Just a few days ago I was talking with some bookish friends about genres I love, genres I don’t love so much. And as it always does, romance found its way to the top of my “least favorite genre” list. And then here I find myself giving a five star review to, you guessed it, a romance. Not a psychological thriller with some romance thrown in. Not historical fiction with an underlying romantic tone. Nope, just a romance. Go figure.
Juliet and Declan are both suffering the recent loss of a parent although in very different ways. Still, this common thread is what brings them together. The only way Juliet has been able to cope with her mom’s death is by spending hours at the cemetery, writing letters that her mother will never be able to read.
But somebody does read them. Declan finds himself at the mercy of the court after a big screw up. Community service, mowing lawns at the cemetery it is. When he comes across Juliet’s letters curiosity gets the best of him. And then he writes back. And she answers. Thus begins an unconventional relationship. Their letters fill a hole in each one of them, though. They find comfort in words. But when real life begins to interfere, is it better or worse to keep their true identities hidden from each other?
Romance aside, this is a good story. It pulled on my heartstrings, imagining the pain that each one of these young people must be going through. A few little twists thrown in towards the end keep it interesting up until the last page. A great, safe read for young adults as well!
Kate and Ainsley are half sisters, but they feel worlds apart most of the time. Kate is reserved, classical, and practical. Ainsley is fashionable, whimsical and fun. But when they each find themselves alone after their respective romantic situations fall apart, their sisterly love shines through righteously.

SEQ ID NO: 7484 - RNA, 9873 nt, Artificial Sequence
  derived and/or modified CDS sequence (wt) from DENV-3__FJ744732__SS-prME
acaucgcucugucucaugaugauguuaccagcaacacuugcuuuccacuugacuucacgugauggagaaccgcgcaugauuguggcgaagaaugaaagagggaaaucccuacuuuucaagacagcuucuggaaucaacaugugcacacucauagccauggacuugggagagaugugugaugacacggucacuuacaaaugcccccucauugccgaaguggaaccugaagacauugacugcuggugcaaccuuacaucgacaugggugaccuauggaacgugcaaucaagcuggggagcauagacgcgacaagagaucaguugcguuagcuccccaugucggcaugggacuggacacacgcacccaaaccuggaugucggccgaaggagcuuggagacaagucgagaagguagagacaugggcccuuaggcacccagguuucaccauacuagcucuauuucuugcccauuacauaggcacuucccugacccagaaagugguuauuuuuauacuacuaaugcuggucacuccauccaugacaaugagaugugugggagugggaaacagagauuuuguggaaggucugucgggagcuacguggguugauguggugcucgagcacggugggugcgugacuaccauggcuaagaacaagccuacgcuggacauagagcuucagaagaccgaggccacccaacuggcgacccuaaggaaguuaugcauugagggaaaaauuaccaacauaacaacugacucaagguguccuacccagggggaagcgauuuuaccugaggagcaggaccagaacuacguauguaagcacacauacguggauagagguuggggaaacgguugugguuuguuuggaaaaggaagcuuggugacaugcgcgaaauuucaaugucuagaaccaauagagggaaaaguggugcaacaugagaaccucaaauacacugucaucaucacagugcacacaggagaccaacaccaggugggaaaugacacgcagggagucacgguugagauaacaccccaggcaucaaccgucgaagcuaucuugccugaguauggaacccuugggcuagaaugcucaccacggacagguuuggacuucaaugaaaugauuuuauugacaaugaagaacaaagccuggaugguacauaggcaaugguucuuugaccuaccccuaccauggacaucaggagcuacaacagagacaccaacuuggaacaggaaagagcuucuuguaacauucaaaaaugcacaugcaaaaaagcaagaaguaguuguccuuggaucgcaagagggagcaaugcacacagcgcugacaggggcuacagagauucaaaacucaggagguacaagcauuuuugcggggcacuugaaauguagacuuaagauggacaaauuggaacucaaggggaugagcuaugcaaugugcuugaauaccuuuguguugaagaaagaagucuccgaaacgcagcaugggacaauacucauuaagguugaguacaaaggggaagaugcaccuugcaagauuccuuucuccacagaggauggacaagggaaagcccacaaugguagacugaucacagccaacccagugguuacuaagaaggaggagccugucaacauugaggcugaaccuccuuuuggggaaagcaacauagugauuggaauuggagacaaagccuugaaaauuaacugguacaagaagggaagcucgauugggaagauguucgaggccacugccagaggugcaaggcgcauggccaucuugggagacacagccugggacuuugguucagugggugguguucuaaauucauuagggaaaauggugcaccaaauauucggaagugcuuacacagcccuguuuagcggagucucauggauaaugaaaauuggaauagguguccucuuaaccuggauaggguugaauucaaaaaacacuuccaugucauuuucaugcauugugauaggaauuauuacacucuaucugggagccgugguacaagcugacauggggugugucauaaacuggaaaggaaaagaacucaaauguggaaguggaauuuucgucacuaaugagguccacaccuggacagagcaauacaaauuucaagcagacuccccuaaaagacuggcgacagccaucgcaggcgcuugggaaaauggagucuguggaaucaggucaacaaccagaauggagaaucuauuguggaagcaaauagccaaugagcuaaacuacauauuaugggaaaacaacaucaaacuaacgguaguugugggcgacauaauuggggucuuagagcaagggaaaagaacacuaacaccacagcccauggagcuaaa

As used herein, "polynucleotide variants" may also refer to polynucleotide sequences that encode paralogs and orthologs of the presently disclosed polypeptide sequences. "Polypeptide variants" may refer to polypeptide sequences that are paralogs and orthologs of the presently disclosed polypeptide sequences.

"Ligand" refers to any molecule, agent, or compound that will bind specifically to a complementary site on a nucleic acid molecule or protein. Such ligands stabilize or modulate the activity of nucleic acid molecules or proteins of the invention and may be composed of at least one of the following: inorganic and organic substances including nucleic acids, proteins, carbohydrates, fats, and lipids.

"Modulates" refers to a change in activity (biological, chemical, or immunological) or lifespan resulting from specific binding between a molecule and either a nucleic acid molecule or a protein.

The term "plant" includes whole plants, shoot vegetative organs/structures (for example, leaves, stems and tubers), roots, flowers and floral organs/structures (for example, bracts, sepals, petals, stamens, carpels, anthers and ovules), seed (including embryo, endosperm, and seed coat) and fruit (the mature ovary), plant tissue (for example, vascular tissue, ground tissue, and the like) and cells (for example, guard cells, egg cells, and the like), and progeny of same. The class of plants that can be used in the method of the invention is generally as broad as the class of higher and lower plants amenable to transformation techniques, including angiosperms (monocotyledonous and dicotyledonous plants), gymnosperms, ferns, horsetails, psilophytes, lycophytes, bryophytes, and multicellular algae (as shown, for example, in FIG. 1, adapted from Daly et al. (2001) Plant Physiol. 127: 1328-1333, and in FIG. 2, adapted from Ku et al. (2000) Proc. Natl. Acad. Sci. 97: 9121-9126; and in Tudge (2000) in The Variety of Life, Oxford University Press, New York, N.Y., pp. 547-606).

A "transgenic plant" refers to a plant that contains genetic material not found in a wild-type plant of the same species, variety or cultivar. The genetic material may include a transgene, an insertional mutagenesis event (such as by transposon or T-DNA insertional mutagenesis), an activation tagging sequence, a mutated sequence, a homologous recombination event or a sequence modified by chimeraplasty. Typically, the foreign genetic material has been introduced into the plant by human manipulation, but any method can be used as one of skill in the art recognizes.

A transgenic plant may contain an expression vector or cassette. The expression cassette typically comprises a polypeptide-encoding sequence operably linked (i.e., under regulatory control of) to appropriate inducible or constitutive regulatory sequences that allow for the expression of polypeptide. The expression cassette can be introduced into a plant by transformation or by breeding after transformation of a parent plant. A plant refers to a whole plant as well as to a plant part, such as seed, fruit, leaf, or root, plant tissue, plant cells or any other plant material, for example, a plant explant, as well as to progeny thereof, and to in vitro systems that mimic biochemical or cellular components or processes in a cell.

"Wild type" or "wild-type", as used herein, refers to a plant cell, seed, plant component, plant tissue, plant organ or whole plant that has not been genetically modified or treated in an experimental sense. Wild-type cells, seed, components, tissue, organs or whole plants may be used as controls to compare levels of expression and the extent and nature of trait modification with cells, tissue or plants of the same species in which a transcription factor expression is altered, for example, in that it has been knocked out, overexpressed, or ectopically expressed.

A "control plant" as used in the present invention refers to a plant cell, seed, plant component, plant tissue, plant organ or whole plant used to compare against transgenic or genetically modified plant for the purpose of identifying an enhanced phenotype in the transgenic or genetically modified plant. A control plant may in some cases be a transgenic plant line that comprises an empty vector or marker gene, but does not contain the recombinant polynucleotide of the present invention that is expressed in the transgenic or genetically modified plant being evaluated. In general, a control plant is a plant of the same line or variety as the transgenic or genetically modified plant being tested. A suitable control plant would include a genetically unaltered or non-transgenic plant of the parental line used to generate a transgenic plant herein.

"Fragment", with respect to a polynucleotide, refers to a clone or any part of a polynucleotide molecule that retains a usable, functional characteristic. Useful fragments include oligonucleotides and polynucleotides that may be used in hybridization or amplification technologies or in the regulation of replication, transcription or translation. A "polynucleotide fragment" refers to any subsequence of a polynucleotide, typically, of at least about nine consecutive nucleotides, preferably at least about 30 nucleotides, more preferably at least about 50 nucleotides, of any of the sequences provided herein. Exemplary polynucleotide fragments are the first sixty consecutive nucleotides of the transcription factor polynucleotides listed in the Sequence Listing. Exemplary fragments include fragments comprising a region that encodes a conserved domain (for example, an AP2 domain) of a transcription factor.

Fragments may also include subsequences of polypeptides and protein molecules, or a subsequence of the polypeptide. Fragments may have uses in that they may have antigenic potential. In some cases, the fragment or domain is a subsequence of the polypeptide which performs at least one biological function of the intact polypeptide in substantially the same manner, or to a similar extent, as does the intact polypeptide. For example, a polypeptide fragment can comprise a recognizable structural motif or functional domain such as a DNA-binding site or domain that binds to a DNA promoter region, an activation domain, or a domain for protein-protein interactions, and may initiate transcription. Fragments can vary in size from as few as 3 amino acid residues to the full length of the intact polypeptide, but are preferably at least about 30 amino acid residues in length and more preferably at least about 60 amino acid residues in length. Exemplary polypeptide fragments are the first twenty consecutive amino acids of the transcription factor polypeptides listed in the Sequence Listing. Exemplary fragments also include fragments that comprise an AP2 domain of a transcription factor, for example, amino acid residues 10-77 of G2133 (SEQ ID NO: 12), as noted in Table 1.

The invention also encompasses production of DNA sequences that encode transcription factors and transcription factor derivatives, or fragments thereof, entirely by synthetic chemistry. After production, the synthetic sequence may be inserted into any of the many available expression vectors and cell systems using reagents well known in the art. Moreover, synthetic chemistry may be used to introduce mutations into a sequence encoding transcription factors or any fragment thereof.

Some of this story just broke my heart, and I wasn’t sure I could get through the despair. Then I noticed I was only a quarter of the way through the book, leaving PLENTY of time for redemption, hugs, and gluing hearts back together.
My most favorite part of this whole book, even more awesome than the sister love (which is pretty awesome, and a big part of the story), even snazzier than the Tiffany ring (big!), and even more heartwarming than the boss finding a soft spot in his heart for an employee (unexpected!), was Daniel the Hot Firefighter. Higgins masterfully wove him in as comic relief and a reliable pal, but he was so much more. Aside from his witty banter and alpha male-ism, Daniel the Hot Firefighter symbolized Hope… hope for a future when the present is bleak, hope for women looking for a good man, hope for children needing a father figure.
I kind of guessed where Daniel the Hot Firefighter would end up at the close of the story, and I was so glad that my guess only scratched the surface. Look for your Hot Firefighter, people. You never know when you’ll need to be rescued, and he will be there with a generous heart… and a smile.
Yes, I’m doing it again. I’m recommending a book about lying families with dark secrets. Sorry, it is what it is! But never fear, this one is heavy on the emotions and light on the mayhem.
Willow has lived with her aunt Hope for almost as long as she can remember. Orphaned at a very young age, she takes her aunt’s version of what happened at face value. Why would she question the past, anyway? But when she receives an invitation to a gallery exhibit, she begins to wonder. And the more she wonders, the more she uncovers. An aunt she didn’t know existed, questions about her parents’ death…all these things lead her to dig deeper. Unfortunately her aunt Hope is no help, preferring to leave the tragedies of her youth hidden and forgotten. So Willow is left on her own, with a lot of determination and a bit of help from both friends and strangers.
Alternating between the past and the present, the author successfully blends the two together into a story that covers all possible angles. I found myself caring as much about Charity’s story as I did Willow’s. It’s a rare author that can do this. A great summer beach read!